If you are looking to come to an agreement on issues such as spousal support, child support, or the division of property, even if the case is not in court, you need to have a financial statement. This is a document outlining your financial information, including assets, debts, expenses and income. It is important that both you and your partner share this information honestly and completely.
If you are not in court, you can create this document on your own using an online spreadsheet or a handwritten document. You can also obtain a financial statement form from the courthouse or online. These forms are often a good choice as they outline precisely what the court will be looking at when determining whether the financial disclosure provided was sufficent.
If your case is in court, you will be required to use a court-issued financial statement form. There are different forms to select, depending on what it is that you are seeking. Regardless of which form you’re using, all financial statements must be sworn or affirmed.
How to Complete a Financial Statement Form
Select the Correct Form
There are two different financial statement forms. Be sure to select the one that applies to your situation.
- Form 13: Financial Statement (Support Claims) is used if you or your partner are seeking support, whether child, spousal or both. It is not to be used when you are also looking to divide property and debt.
- Form 13.1: Financial Statement (Property and Support Claims) is used if you or your partner are needing to divide property and debts. It can also be used if you are asking for support along with the property.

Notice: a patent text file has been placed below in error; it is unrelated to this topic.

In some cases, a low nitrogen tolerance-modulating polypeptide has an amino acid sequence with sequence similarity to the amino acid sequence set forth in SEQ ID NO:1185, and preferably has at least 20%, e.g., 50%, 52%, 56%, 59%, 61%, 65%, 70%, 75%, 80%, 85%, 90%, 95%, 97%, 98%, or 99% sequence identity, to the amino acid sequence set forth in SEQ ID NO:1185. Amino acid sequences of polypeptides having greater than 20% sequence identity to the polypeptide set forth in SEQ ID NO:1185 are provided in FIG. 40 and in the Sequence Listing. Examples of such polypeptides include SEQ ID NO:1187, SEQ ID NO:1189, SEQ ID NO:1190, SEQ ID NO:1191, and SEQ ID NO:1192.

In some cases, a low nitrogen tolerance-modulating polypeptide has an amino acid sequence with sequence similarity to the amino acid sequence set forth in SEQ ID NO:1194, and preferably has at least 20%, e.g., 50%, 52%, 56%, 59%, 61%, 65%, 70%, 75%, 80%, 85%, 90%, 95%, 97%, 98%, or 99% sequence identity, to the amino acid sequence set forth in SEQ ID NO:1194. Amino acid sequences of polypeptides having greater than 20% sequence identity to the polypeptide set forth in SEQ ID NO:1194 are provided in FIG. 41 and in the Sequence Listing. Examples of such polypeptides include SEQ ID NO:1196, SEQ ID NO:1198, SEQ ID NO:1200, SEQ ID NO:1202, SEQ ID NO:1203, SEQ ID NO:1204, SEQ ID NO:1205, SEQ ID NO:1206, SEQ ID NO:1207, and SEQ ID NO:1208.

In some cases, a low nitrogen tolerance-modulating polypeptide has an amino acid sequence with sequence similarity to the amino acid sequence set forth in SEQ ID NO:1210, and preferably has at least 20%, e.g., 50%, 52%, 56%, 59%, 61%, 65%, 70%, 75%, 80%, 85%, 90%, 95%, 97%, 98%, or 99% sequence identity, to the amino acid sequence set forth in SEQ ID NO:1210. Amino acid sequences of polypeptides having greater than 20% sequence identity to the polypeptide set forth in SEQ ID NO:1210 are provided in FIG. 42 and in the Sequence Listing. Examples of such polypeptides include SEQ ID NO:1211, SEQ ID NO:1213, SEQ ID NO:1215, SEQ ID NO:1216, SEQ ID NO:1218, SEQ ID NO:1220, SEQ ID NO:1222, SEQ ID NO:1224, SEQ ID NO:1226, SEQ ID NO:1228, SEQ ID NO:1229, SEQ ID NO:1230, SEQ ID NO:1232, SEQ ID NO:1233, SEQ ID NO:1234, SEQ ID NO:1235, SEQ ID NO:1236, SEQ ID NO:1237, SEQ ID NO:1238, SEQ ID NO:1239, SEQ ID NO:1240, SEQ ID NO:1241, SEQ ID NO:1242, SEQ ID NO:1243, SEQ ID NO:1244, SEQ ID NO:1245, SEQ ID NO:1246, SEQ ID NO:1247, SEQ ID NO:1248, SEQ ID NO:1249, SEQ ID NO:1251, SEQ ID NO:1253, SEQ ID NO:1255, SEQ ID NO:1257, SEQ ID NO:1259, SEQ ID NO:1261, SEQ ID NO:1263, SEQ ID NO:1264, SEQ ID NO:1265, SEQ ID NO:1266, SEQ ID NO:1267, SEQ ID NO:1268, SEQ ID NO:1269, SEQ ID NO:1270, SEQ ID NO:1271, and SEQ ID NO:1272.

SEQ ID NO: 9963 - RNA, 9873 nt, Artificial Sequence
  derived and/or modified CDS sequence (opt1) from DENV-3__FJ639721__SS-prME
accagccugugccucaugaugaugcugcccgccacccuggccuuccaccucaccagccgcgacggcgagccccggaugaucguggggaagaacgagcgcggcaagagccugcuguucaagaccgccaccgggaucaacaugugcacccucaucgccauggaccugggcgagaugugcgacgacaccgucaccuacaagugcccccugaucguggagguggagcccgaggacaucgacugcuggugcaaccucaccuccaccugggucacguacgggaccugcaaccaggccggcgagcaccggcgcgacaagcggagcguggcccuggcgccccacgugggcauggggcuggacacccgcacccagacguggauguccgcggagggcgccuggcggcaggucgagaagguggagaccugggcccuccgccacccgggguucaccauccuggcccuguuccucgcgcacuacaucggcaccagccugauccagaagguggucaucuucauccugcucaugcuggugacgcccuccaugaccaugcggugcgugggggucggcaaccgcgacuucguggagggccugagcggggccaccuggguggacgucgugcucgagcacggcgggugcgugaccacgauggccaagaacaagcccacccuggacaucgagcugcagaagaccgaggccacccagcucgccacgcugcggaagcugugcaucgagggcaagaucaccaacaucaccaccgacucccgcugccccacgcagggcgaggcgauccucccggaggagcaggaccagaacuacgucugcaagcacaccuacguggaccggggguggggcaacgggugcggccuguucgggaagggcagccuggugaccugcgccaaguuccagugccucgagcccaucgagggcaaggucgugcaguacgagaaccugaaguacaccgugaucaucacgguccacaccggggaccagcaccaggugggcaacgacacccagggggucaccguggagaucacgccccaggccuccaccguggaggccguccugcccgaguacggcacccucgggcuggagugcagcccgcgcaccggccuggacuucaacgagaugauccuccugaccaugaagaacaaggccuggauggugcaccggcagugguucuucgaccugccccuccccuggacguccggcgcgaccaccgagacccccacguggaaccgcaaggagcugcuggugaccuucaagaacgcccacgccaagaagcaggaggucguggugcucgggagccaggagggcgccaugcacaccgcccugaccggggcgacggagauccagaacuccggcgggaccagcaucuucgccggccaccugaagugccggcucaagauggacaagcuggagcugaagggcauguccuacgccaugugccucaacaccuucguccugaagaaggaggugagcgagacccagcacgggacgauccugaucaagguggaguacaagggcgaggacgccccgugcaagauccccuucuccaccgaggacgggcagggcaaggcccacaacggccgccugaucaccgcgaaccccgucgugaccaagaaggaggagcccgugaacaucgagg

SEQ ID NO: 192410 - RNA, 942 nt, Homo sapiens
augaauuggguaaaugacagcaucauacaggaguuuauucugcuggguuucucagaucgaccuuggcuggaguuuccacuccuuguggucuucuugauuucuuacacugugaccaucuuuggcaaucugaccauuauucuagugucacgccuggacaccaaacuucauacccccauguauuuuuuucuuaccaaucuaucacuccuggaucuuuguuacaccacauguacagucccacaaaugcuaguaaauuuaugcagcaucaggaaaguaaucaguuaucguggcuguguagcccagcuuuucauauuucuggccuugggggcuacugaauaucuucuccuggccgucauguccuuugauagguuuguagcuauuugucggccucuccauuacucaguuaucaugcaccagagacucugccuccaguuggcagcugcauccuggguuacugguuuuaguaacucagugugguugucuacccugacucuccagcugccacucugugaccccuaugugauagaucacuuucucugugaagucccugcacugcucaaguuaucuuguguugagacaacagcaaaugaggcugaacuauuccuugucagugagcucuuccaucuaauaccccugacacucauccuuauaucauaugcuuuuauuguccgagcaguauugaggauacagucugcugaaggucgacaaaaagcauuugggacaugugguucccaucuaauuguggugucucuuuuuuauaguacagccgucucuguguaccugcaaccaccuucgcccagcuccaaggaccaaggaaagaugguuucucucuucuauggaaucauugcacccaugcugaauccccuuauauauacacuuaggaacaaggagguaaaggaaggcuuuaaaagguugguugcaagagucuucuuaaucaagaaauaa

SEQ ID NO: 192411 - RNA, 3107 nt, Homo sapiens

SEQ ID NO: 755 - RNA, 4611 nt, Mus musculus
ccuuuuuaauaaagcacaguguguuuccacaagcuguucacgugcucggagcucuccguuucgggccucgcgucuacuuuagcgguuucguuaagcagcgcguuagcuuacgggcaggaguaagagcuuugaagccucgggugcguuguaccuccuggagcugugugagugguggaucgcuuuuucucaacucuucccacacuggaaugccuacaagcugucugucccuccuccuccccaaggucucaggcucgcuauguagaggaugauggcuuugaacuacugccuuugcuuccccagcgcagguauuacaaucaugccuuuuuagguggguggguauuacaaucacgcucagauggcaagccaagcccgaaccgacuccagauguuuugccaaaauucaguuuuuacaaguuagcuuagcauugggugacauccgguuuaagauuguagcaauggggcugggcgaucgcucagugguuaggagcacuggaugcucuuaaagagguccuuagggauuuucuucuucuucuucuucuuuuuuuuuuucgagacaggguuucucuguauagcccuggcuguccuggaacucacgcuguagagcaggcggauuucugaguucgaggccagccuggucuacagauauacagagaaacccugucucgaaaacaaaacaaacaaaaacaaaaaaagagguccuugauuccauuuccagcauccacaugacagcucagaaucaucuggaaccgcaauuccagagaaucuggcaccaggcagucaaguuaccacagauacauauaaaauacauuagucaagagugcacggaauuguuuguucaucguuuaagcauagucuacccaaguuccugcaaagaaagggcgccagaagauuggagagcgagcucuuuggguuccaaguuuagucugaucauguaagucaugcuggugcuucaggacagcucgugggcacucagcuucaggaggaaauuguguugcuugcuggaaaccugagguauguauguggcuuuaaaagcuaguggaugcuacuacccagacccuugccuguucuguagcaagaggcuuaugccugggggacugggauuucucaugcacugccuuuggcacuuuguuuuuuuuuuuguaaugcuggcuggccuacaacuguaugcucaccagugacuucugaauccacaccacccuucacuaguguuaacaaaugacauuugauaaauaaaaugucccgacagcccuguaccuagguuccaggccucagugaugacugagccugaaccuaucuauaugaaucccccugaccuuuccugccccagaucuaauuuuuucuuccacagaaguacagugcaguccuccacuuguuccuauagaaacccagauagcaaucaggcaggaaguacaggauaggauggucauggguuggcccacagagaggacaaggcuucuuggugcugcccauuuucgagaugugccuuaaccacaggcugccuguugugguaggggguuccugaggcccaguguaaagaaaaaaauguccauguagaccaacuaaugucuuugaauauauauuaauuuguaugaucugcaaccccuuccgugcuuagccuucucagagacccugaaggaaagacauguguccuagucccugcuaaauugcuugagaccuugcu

These forms can be obtained from a courthouse or online and are available in both English and French.
In some instances, you may not be required to fill out a financial statement. These include:
- You and your partner are looking to change support and have agreed that you do not need to file financial statements.
- Your case does not involve any claims for property division or support.
Fill in Your Form
Be sure to read the instructions located on page one of the form carefully.
- Form 13: You will be required to provide information about your income, expenses, any money you are owed, debts, and property, including cars, land, jewelry and bank accounts.
- Form 13.1: You will need to provide the value of any assets or debts on three different dates. These are the date of your marriage, the date of your separation, and the current date.
Obtain Supporting Documents
Be sure to include copies of any document that supports the information you provided in your statement. These can include:
- Proof of income
- Bank, line of credit and credit card statements
- Mortgage documents
- Income tax returns
- Statements of debts
- Business interest statements
If your form includes property, it can be harder to determine the value. If you and your partner don’t agree on the value of an item, you can have a professional appraise the asset.
Updating Your Financial Statement
If you file or serve papers at any stage of the court process or your financial statement is over 30 days old, you will be required to update it with one of two forms.
- A new Form 13 or Form 13.1 if your financial situation has changed significantly.
- A Form 14A: Affidavit if there are no changes or only minor changes from the last financial statement you filed. You will be required to include the details of all changes.
Additionally, you will be required to update your financial statement if there is a change in your circumstances, such as a new job that pays considerably more or less than what was previously listed.
Contact the Legal Team at Kira E. Taylor Law
Going through a separation is a trying time on its own without having to navigate the paperwork involved. Our team of legal professionals is here to support you through every step and help you make sense of it. If you have questions or wish to book an appointment, please contact our office at 905-709-6892.